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View Full Version : Old School [2e] Using Oriental Adventures Family Table to determine Birthright Blood Strength



Mark Hall
2016-09-06, 11:56 AM
Sorry to have a link to a Gdoc, but it's pretty much all tables. The it's pretty much what it says on the tin; in the original Birthright Boxed Set, your blood strength was determined by rolling d% to determine category, and then a handful of dice to determine your bloodline strength. This changes it to a single 3d10 roll for your initial bloodline strength, but modified by your family history. If you start with a high bloodline, you have a longer history, with more events that indicate your family likely had a strong bloodline. Likewise, however, if you have a strong bloodline, you have more powers.

This increases the commonality of certain powers, and puts more choice in the hands of players as to what powers they gain.

https://docs.google.com/spreadsheets/d/1oI_PDk03SitMa8ltJSK06A0Ui2cAtlCeb6PWrL55aN0/edit#gid=0

Tiktakkat
2016-09-06, 01:38 PM
It looks like it is missing some negative symbols (-).
A criminal past gains you 10 Bloodline Strength?
A common bloodline gains you 15 Bloodline Strength?

Otherwise that looks very interesting.
I had forgotten about those tables.
I wonder how they would adapt to other purposes, like for say Eberron-type Dragonmark Houses, or even more generic organizations.
(Yes, I know those are D20. I adapt a lot of old material forward.)

Mark Hall
2016-09-06, 02:49 PM
It looks like it is missing some negative symbols (-).
A criminal past gains you 10 Bloodline Strength?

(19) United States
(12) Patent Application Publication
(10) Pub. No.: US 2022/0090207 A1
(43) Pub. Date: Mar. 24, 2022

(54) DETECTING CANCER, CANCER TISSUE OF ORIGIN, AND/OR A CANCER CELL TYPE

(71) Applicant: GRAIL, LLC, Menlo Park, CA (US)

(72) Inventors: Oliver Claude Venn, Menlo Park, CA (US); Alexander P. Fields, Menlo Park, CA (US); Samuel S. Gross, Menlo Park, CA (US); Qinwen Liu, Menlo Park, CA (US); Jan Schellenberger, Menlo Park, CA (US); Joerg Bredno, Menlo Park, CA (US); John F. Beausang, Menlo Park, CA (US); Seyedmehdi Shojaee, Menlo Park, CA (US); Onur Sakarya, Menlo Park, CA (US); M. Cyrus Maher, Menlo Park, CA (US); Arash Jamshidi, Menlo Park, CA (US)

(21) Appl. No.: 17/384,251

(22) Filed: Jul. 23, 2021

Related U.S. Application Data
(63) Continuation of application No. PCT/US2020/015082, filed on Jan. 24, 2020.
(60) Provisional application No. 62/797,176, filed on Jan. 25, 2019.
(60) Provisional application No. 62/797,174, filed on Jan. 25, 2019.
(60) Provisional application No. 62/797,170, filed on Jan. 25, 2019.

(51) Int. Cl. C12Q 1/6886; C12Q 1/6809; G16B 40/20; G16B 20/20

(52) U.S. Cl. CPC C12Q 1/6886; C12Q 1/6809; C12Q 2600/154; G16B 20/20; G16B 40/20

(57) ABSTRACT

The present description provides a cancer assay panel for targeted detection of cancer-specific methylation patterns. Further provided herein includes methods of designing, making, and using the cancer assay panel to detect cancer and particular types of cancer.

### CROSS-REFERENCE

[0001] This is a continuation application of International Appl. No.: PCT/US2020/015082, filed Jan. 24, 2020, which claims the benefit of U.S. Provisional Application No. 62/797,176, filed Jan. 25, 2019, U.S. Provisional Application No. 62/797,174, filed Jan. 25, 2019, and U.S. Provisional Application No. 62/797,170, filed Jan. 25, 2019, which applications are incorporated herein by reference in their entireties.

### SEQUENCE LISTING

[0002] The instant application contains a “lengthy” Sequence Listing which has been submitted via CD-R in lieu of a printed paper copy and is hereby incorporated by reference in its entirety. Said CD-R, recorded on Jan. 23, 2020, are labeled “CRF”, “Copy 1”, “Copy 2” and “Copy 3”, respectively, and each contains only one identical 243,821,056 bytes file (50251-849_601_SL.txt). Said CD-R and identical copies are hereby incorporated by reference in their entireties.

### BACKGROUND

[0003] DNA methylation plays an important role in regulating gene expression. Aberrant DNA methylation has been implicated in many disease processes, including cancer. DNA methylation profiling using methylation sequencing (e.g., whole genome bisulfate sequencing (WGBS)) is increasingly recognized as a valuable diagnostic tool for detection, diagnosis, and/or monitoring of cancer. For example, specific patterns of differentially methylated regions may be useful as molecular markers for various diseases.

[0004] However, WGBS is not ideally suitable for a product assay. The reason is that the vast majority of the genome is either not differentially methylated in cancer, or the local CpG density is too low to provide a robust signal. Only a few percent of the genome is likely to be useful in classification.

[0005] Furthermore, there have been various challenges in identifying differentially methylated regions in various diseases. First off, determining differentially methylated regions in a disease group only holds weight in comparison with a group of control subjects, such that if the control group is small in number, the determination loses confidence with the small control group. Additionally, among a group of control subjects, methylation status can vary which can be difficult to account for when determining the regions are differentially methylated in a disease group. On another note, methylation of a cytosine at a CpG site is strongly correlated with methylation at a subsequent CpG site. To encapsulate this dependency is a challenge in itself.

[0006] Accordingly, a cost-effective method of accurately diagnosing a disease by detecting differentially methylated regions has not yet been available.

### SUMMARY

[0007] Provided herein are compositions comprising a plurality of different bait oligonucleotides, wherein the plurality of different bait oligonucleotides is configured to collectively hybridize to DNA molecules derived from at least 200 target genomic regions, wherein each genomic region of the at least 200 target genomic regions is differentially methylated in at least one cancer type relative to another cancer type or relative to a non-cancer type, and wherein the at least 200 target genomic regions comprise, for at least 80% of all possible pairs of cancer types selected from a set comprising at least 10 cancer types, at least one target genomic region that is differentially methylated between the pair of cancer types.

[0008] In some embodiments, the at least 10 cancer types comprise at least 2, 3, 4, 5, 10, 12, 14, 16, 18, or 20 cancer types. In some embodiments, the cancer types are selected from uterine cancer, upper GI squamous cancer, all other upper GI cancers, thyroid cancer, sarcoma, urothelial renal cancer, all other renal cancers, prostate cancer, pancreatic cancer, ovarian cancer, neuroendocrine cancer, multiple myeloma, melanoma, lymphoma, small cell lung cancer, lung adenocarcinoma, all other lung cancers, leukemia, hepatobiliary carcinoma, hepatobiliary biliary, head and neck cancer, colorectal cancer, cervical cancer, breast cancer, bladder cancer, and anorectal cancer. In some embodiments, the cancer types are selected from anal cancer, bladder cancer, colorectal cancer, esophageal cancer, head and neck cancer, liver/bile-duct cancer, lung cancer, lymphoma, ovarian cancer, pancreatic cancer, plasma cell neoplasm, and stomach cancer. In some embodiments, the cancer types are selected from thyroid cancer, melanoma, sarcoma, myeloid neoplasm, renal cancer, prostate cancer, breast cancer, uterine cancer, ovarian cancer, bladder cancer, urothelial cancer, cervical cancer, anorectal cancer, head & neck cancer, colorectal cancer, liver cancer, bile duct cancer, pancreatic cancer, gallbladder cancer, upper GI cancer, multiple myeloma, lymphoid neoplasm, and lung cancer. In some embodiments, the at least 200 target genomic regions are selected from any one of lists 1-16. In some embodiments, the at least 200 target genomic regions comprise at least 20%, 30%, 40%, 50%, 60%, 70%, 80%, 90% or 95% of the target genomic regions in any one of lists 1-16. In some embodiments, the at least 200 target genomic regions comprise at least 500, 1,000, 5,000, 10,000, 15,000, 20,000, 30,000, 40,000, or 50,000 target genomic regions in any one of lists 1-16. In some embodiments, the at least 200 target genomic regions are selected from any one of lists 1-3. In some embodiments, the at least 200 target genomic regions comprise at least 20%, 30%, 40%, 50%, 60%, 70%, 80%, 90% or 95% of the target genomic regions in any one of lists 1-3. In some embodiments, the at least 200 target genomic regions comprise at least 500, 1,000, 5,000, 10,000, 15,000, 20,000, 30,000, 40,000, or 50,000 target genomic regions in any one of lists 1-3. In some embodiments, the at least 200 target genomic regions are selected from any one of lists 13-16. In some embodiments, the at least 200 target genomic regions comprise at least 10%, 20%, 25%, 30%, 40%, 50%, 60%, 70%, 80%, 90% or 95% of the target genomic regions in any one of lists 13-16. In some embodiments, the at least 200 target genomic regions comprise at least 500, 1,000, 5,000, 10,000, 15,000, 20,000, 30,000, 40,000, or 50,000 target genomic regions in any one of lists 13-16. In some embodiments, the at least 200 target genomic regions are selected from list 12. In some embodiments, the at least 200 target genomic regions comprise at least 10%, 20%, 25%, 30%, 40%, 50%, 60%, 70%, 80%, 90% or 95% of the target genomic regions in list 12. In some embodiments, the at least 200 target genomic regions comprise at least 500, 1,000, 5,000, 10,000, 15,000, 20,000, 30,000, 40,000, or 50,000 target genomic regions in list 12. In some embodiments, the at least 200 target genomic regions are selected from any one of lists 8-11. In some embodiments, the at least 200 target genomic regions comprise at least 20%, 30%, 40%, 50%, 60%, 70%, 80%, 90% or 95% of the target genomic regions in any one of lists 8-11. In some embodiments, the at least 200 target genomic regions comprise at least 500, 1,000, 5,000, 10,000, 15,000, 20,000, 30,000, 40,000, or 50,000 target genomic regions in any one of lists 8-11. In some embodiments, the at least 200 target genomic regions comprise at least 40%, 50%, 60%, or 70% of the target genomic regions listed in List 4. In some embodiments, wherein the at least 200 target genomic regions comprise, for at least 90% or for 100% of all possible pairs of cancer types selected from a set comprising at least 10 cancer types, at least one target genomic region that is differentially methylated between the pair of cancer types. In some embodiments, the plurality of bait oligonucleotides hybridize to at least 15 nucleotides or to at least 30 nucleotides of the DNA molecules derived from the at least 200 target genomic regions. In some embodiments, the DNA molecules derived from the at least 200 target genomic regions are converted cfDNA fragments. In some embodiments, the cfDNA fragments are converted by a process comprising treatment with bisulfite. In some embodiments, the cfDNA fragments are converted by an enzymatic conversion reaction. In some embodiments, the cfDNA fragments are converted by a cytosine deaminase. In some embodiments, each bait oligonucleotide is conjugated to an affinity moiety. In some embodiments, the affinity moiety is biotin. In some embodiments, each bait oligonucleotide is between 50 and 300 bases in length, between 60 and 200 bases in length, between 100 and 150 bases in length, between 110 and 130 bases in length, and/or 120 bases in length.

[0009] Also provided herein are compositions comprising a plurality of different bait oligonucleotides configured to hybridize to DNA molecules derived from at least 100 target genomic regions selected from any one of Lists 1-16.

A common bloodline gains you 15 Bloodline Strength?

Otherwise that looks very interesting.
I had forgotten about those tables.
I wonder how they would adapt to other purposes, like for say Eberron-type Dragonmark Houses, or even more generic organizations.
(Yes, I know those are D20. I adapt a lot of old material forward.)

Nope, not missing. Intentionally removed and, in the case of the Common Bloodline, purposefully reworked (and, whoa, left off the original. Time to fix that...)

The idea was, if your bloodline had a major impact on the world, there was likely something special about it. So, if your ancestor was a notorious criminal, that would sap an OA family of Honor, but in Birthright, it likely means he had more powerful blood (since the blooded tend to be movers and shakers in that society). Sure, someone with a 3 blood strength might become a notorious criminal... but that will also carry with it the opportunity to increase his blood score, either through blood theft, investiture, or regency, and so his descendants are more likely to have a high blood strength than the guy who had that 3 and lived out his entire life as a dirt farmer.

EDIT: Fixed; I'd come up with why "Common Bloodline" meant a bonus, but not written it up. Thanks for the note.

Tiktakkat
2016-09-06, 09:48 PM
I thought that might be the intent, particularly as it looks a bit curious having such major modifiers, particularly so high up the table. Certainly it makes sense in the different context, particularly with Azrai bloodlines, where the negatives would be potent positives. And your rework of the definition of "Common Bloodline" fits in neatly as well.

So again, nice. Very nice.

Mark Hall
2016-09-07, 12:00 PM
I thought that might be the intent, particularly as it looks a bit curious having such major modifiers, particularly so high up the table. Certainly it makes sense in the different context, particularly with Azrai bloodlines, where the negatives would be potent positives. And your rework of the definition of "Common Bloodline" fits in neatly as well.

So again, nice. Very nice.

Thanks. As for major modifiers high up, I do change the math a little bit.

BRCS rules gives a "Tainted" bloodline 4d4 blood strength...minimum 4, maximum 15, average 10. This version has a minimum of 3, but the Criminal makes that possibly an 18 (without assuming an improbable chain of "Roll next highest die" rolls).

Tiktakkat
2016-09-07, 12:05 PM
Ah!
Okay, it has been years since I've reviewed the original Bloodline rules, and didn't recall the exact numbers.
If you've tweaked it like that, then . . .
There is nothing left for me to question. You've covered it all. :smallbiggrin:

Mark Hall
2016-09-07, 01:02 PM
I floated the idea in a blog post like 7 years ago, and only sat down to do it a couple nights ago.